By James R. Hagerty
As the chief executive of Archer Daniels Midland Co. for 27 years, Dwayne Andreas was known for hedging against political risks. Protecting a giant food-processing business that benefited from subsidies and international trade, he donated generously to Democrats and Republicans while cultivating friendships with foreign leaders including Mikhail Gorbachev and Fidel Castro.
One risk he couldn't shield himself from was criminal behavior inside his own company.
A price-fixing scandal in the mid-1990s sent his son, Michael, and two other former ADM executives to prison. That drama spawned a movie, "The Informant," starring Matt Damon. It also undermined the iron rule of one of America's most powerful corporate chiefs: Mr. Andreas stepped down as CEO in 1997 and as chairman two years later.
He died Wednesday at age 98 in a hospital in Decatur, Ill., a town suffused with the aromas of ADM's grain-processing plants.
Under Mr. Andreas, ADM grew immensely. When he retired in 1999, the company had 274 plants world-wide, up from 40, mostly in the Midwest, when he became CEO in 1970. Now based in Chicago, the company provides corn sweeteners for soft drinks, vegetable oil for deep fryers, and feed for livestock. Its sales totaled $67.7 billion in 2015.
A slight man standing 5-foot-4, he favored minimal disclosure of corporate information. "Getting information from me is like frisking a seal," he once told Wall Street analysts.
He could be impatient with outsiders' suggestions. At anannual meeting in 1995, he silenced a critic by turning off his microphone. "I'm chairman," he said. "I'll make the rules as I go along."
Mr. Andreas was a longtime friend of Hubert Humphrey, the godfather of Mr. Andreas's son. But Mr. Andreas also was generous with Richard Nixon, who defeated Mr. Humphrey for the presidency in 1968. The Watergate investigation found that Mr. Andreas had delivered $100,000 in $100 bills to President Nixon's secretary, Rose Mary Woods. According to an interview of Ms. Woods by the Watergate special prosecutor's office, the money was eventually returned to Mr. Andreas, who declined in 1995 to respond to a Wall Street Journal question about the incident.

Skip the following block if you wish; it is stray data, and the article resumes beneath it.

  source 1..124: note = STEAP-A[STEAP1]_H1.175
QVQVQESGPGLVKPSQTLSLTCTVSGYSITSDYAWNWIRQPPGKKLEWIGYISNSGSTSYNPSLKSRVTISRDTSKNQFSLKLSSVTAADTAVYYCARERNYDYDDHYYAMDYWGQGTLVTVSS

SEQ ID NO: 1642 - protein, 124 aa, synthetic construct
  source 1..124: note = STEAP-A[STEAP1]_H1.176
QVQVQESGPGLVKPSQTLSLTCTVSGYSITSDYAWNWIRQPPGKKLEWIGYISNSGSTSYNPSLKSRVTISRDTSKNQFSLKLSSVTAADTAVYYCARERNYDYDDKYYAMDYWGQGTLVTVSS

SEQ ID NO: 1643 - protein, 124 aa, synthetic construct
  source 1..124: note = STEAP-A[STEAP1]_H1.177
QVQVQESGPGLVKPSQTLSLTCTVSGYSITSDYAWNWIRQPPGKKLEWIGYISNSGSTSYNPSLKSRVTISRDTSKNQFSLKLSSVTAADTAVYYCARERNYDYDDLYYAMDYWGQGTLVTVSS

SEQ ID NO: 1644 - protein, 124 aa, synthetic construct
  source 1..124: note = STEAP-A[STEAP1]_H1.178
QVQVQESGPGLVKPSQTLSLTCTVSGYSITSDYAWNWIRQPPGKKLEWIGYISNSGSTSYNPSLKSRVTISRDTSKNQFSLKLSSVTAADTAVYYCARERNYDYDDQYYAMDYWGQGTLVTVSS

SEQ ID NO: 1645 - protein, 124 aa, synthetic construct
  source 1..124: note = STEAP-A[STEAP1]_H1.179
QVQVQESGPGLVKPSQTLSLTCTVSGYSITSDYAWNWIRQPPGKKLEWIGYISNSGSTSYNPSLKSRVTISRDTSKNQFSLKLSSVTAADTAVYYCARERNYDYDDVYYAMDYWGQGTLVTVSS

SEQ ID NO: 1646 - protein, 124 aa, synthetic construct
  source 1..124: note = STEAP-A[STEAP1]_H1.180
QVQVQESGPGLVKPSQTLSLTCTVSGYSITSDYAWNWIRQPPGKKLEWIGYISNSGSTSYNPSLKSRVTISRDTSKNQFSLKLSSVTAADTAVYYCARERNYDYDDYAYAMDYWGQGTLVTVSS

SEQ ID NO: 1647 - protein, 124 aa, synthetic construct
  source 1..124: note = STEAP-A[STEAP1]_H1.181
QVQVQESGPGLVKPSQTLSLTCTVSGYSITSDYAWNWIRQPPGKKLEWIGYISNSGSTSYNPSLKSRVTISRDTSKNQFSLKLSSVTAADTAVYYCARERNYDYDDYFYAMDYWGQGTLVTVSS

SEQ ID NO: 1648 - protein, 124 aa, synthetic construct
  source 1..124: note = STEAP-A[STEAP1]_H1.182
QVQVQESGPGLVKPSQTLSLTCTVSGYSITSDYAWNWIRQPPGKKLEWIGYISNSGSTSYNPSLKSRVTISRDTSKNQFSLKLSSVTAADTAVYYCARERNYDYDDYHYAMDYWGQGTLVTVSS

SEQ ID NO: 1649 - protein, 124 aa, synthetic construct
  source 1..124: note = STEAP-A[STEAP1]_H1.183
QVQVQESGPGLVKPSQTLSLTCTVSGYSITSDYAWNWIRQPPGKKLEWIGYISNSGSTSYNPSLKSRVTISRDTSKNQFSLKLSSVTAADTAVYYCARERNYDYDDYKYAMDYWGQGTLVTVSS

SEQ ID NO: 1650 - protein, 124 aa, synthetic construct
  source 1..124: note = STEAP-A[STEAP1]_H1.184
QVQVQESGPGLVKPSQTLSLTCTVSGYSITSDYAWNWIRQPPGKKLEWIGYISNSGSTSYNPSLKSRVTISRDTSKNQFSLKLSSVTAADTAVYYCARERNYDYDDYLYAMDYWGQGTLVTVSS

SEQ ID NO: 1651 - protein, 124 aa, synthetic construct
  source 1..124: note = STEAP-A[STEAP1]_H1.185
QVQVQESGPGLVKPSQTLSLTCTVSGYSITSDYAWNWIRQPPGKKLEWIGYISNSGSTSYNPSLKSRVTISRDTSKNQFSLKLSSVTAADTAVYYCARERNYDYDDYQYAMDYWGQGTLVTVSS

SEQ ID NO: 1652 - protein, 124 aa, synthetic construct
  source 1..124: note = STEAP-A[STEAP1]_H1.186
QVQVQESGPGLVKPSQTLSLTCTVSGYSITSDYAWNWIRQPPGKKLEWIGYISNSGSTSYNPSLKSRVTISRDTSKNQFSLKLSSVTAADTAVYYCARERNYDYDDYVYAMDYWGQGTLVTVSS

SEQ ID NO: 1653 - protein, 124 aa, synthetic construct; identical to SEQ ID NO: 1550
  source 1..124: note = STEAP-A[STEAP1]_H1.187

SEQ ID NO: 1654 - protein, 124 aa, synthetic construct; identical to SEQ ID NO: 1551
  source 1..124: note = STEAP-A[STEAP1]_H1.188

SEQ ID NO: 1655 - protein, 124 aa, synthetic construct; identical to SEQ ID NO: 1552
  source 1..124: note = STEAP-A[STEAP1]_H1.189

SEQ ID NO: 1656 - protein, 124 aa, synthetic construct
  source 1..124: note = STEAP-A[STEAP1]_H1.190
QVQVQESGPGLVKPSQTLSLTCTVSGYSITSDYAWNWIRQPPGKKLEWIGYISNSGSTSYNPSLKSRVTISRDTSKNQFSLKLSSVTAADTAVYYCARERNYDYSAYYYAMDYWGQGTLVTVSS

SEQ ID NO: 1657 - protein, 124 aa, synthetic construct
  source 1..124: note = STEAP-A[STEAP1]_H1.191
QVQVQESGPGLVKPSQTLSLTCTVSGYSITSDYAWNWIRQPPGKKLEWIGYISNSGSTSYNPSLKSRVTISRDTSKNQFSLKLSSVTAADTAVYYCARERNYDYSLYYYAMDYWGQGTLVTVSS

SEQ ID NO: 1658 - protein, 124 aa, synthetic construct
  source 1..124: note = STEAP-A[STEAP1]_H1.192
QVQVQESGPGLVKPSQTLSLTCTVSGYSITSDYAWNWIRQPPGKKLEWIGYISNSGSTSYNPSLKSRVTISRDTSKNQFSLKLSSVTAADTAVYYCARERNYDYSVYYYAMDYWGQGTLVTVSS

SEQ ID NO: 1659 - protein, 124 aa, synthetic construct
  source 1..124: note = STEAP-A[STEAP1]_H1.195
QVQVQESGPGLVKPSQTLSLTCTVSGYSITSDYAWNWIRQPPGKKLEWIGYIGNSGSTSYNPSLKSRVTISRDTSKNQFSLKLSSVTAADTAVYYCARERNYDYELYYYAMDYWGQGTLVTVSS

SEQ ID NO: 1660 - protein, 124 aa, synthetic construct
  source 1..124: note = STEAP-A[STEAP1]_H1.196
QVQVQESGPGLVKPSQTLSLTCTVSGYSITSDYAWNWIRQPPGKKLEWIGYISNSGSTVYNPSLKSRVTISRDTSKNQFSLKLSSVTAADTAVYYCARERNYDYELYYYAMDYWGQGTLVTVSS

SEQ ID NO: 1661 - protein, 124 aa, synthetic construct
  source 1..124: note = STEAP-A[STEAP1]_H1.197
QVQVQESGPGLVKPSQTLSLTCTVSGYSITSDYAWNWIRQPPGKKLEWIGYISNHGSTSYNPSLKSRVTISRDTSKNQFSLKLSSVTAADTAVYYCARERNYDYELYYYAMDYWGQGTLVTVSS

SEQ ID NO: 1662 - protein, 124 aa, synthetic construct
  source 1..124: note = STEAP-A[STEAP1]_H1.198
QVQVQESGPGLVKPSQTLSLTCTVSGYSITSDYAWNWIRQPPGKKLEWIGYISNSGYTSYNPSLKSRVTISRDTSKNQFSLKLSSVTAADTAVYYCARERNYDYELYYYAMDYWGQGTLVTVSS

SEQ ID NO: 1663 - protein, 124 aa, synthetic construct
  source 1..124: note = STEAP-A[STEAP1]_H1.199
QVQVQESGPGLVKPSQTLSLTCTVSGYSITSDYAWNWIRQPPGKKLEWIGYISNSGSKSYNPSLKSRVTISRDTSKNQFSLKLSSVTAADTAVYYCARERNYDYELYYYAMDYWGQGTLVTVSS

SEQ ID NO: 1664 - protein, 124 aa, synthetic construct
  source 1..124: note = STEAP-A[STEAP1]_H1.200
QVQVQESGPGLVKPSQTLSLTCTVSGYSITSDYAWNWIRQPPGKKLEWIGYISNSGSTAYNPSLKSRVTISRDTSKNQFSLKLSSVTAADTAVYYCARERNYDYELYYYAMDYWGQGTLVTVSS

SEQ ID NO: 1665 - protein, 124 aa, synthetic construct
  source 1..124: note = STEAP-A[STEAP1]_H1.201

Mr. Andreas was credited with having helped set up a 1985 meeting between Mr. Gorbachev, the Soviet leader, and President Ronald Reagan. Yet he sometimes played down his political influence. At one public-policy gathering, Mr. Andreas quipped that he was "about the only person here that I haven't heard of before."
The fifth of six children, Dwayne Orville Andreas was born March 4, 1918, in Worthington, Minn., and grew up on a farm near Lisbon, Iowa, in a family that belonged to the Mennonite church. Along with raising cattle, pigs and chickens, the family ran a grain elevator. He enrolled at Wheaton College in Illinois but dropped out to help manage the family's expanding agricultural business, which made animal feed from soybeans.
In the mid-1960s, members of the Archer and Daniels families enlisted him as a minority shareholder in a then-struggling ADM. In building the company, Mr. Andreas shunned mega-acquisitions and large debts, focusing instead on finding privately owned processing plants and other assets he could buy at bargain prices.
In 1995, the Federal Bureau of Investigation raided the company headquarters to seize records related to pricing of lysine, a livestock-feed additive, and other products. Mark Whitacre, an ADM executive, had secretly taped company meetings for federal investigators looking for evidence that ADM conspired with rivals to fix prices. ADM, in turn, accused Mr. Whitacre of stealing millions of dollars from the company and fired him.
ADM agreed in 1996 to pay $100 million in fines and to plead guilty to two criminal charges. In 1998, a federal jury found that Mr. Andreas's son Michael helped organize a cartel with four Asian companies. Also found guilty and sentenced to prison were Mr. Whitacre and another former ADM executive, Terrance S. Wilson.
Mr. Whitacre, the informant, said at one court hearing that "life in prison has actually been better than life at ADM."
Dwayne Andreas wasn't accused of wrongdoing in the price-fixing case. His "strongest commitment was feeding the hungry of the world," his family said in a statement after his death.
A golfer and amateur airplane pilot, he spent much of his retirement in Bal Harbour, Fla.
During a 1994 meeting of the American Sugar Alliance, he outlined his approach to life. A gazelle must run faster than the fastest lion or be eaten, he said. A lion needs to outrun the slowest gazelle or starve. "It doesn't matter whether you are a lion or a gazelle," he said. "When the sun comes up, you'd better be running."
His wife, Dorothy Inez Andreas, died in 2012. He had three children, 10 grandchildren and 24 great-grandchildren.
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(END) Dow Jones Newswires
November 18, 2016 10:14 ET (15:14 GMT)
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